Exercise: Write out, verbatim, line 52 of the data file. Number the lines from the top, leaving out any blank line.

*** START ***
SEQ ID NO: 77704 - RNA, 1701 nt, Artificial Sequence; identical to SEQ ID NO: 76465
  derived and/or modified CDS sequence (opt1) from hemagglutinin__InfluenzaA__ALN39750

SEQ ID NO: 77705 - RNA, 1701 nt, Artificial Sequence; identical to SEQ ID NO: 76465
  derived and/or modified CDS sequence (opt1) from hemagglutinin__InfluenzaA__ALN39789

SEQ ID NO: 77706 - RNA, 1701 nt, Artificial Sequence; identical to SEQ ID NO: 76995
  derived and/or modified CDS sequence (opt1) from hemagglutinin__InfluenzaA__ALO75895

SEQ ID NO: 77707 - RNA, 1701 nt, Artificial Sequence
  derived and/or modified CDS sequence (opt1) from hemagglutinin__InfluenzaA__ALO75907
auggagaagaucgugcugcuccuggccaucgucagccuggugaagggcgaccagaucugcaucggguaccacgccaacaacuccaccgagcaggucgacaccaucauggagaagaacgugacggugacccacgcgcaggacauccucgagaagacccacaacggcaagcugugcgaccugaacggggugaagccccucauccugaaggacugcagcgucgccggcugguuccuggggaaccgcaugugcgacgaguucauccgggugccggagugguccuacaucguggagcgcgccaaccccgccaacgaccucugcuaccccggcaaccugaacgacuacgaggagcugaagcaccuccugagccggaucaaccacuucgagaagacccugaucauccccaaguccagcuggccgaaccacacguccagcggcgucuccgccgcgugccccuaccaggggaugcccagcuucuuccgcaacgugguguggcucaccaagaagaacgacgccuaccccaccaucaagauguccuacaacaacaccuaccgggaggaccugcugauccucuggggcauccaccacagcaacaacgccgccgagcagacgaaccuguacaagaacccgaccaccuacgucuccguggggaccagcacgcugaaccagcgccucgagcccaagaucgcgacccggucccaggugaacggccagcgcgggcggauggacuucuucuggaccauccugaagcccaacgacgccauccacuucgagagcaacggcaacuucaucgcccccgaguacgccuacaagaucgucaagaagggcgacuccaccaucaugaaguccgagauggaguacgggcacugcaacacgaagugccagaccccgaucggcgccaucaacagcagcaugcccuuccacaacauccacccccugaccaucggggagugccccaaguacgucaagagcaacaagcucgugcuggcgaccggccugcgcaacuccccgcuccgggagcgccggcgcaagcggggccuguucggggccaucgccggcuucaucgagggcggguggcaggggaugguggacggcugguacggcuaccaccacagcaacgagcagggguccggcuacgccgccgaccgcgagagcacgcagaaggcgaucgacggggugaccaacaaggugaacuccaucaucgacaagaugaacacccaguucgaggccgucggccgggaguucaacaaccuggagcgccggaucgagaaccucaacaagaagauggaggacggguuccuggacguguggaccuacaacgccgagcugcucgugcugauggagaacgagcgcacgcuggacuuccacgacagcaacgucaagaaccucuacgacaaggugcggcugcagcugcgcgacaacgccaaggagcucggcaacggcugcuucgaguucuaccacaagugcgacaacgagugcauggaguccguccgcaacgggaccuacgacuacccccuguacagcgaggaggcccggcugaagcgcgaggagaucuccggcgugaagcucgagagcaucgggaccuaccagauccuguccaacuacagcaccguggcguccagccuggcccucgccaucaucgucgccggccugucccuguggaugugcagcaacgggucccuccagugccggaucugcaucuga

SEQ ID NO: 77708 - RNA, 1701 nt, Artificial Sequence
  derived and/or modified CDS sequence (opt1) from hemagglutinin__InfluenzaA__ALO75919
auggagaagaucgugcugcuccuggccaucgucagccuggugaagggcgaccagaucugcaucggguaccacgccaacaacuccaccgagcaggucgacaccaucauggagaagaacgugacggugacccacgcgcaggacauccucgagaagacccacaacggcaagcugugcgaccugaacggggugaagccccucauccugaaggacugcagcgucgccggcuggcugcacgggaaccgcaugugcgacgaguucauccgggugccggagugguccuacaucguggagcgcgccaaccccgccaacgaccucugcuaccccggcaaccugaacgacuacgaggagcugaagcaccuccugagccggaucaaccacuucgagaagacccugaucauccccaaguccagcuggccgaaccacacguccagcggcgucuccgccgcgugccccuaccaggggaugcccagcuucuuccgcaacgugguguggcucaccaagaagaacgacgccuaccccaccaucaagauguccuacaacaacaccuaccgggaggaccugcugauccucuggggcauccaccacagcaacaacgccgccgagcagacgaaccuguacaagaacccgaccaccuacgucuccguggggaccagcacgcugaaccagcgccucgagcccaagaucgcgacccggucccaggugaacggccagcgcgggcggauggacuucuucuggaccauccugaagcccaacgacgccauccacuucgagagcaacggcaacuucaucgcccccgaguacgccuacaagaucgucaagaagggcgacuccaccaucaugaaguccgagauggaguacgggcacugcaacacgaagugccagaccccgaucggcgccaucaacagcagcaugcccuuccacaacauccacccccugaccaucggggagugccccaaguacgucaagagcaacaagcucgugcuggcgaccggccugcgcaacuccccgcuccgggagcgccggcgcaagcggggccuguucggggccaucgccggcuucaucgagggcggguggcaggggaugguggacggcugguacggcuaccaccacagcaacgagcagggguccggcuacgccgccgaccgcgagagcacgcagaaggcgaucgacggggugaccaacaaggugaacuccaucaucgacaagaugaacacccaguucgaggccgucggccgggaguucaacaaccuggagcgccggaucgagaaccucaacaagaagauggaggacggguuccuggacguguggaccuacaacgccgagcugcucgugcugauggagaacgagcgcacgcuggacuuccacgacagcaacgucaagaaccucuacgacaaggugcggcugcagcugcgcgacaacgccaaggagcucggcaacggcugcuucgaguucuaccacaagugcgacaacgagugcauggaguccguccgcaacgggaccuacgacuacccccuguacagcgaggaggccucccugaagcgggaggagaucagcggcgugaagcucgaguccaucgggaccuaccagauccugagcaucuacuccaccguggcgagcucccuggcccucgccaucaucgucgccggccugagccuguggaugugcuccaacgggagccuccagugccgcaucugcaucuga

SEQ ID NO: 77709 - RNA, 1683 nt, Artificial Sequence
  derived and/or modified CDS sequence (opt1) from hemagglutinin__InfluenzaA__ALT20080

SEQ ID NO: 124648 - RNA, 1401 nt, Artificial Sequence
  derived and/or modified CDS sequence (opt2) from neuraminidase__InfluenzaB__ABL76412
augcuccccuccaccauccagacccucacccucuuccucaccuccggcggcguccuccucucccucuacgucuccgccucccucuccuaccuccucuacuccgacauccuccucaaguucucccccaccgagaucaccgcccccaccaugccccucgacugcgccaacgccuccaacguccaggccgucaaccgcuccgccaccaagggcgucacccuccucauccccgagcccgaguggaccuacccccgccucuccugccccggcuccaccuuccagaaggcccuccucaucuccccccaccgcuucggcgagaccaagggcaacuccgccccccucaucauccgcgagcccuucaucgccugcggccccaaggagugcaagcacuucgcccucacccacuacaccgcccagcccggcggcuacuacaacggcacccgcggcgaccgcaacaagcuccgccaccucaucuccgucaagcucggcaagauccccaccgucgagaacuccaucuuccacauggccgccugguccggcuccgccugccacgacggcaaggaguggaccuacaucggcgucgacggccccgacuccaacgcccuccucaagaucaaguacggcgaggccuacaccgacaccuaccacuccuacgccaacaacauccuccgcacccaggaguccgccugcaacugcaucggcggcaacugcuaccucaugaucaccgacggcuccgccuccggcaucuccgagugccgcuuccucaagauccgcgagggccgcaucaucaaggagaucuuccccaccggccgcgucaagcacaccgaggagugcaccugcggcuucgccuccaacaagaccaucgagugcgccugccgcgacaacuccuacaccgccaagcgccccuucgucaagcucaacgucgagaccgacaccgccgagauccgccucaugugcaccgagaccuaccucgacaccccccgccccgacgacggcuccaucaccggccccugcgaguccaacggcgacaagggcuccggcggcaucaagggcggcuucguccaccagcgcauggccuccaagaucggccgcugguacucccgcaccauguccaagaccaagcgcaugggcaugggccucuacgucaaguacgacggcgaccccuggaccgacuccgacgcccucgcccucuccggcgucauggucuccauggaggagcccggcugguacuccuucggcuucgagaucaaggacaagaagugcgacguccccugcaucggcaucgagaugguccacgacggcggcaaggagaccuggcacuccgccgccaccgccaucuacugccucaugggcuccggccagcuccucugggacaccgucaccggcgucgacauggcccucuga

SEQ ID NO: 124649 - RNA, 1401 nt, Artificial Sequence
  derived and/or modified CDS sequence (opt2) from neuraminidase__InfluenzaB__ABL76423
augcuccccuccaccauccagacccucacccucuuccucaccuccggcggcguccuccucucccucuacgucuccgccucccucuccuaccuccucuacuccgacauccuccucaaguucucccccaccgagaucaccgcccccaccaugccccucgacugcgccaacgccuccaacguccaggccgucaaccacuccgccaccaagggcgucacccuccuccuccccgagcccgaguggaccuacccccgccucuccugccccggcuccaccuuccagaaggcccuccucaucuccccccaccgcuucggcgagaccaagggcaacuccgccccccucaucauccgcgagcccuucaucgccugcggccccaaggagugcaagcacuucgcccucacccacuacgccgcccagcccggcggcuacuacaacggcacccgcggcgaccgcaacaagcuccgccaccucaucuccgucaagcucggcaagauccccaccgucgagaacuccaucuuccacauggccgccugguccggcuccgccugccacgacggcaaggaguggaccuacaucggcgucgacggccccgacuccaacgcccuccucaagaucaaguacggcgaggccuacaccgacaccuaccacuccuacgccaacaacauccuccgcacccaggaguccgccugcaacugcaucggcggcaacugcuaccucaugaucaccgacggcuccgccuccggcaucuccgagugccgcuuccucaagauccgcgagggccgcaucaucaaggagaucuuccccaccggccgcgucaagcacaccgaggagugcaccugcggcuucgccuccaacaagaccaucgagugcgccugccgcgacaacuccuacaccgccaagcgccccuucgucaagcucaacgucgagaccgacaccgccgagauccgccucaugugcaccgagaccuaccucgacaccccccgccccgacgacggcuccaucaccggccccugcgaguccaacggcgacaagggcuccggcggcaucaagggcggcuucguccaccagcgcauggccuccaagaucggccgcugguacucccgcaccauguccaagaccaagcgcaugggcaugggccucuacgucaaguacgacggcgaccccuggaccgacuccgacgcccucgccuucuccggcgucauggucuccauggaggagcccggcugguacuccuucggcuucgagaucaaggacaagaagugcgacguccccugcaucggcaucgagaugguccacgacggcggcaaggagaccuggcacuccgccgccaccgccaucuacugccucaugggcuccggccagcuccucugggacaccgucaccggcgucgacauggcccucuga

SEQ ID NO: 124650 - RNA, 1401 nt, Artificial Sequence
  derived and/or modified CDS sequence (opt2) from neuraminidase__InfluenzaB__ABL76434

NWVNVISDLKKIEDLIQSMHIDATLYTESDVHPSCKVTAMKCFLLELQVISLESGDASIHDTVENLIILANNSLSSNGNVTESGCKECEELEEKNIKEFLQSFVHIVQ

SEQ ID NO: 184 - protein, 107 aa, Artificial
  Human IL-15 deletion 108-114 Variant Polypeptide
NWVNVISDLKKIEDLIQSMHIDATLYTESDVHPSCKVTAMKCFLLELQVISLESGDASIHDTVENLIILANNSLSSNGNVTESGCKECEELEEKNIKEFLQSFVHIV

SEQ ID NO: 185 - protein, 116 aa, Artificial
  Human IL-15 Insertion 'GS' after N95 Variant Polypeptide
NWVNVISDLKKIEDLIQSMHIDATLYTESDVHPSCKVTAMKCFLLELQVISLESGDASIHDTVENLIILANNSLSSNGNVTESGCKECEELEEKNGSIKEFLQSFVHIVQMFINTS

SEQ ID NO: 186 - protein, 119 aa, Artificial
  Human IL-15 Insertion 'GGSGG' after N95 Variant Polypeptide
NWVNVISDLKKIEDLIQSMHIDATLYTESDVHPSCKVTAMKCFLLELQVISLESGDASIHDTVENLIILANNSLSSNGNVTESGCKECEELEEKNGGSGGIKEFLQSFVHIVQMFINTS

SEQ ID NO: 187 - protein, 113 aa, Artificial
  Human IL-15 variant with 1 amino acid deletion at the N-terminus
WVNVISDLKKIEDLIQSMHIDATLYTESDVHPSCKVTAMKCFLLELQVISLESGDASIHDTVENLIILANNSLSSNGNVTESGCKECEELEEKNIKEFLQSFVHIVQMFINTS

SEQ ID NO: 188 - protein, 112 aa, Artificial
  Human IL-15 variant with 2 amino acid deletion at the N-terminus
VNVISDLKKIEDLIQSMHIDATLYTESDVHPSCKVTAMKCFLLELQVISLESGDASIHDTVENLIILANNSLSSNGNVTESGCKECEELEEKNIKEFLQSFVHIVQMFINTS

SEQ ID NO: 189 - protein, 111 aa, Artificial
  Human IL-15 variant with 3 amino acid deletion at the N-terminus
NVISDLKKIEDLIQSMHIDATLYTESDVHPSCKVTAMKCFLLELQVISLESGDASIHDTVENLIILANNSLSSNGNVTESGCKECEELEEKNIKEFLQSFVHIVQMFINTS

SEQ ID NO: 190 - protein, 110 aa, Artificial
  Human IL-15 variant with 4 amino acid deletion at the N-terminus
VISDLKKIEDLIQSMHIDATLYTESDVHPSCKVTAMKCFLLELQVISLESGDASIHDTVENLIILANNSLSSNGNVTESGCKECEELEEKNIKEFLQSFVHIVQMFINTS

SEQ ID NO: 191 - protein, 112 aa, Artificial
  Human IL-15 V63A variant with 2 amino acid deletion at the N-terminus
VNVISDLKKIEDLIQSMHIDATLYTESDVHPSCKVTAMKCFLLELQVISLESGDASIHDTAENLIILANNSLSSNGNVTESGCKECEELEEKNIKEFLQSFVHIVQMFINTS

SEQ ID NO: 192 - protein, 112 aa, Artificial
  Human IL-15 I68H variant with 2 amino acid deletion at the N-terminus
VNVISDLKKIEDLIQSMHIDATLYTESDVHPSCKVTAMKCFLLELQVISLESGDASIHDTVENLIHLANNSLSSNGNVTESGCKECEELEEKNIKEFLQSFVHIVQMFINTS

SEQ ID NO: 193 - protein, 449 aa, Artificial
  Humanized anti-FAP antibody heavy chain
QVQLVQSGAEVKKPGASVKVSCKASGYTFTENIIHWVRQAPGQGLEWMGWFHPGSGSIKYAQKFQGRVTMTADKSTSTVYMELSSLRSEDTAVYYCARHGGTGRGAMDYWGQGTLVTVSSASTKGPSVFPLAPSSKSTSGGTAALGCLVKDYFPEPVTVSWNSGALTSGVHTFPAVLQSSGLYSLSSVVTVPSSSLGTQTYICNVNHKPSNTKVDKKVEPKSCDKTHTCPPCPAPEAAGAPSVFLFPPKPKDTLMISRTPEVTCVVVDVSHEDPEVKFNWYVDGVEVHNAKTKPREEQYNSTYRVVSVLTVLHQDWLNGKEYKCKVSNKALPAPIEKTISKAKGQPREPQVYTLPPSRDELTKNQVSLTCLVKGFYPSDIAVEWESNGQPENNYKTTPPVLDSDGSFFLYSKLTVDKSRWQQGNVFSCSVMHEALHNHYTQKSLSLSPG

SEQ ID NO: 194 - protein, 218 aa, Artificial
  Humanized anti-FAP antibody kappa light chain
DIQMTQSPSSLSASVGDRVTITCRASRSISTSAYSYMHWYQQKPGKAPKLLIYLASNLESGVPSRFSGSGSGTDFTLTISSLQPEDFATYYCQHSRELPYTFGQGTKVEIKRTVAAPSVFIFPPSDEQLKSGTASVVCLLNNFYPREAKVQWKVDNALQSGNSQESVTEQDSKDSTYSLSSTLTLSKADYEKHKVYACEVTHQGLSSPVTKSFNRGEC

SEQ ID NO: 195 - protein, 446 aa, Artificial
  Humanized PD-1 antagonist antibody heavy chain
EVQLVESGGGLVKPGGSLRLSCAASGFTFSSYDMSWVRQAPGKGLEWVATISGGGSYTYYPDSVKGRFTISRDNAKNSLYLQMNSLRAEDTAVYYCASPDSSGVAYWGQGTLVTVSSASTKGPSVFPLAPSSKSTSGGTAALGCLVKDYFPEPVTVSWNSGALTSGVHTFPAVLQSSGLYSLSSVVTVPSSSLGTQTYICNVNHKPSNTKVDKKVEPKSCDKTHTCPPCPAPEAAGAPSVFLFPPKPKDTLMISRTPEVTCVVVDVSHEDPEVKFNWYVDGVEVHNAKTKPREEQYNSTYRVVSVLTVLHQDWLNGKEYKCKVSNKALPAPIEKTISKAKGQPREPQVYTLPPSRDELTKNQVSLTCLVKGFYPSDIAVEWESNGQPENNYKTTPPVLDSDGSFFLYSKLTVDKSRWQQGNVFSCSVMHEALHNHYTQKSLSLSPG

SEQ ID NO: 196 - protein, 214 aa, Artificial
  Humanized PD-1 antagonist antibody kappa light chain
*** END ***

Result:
  Humanized anti-FAP antibody heavy chain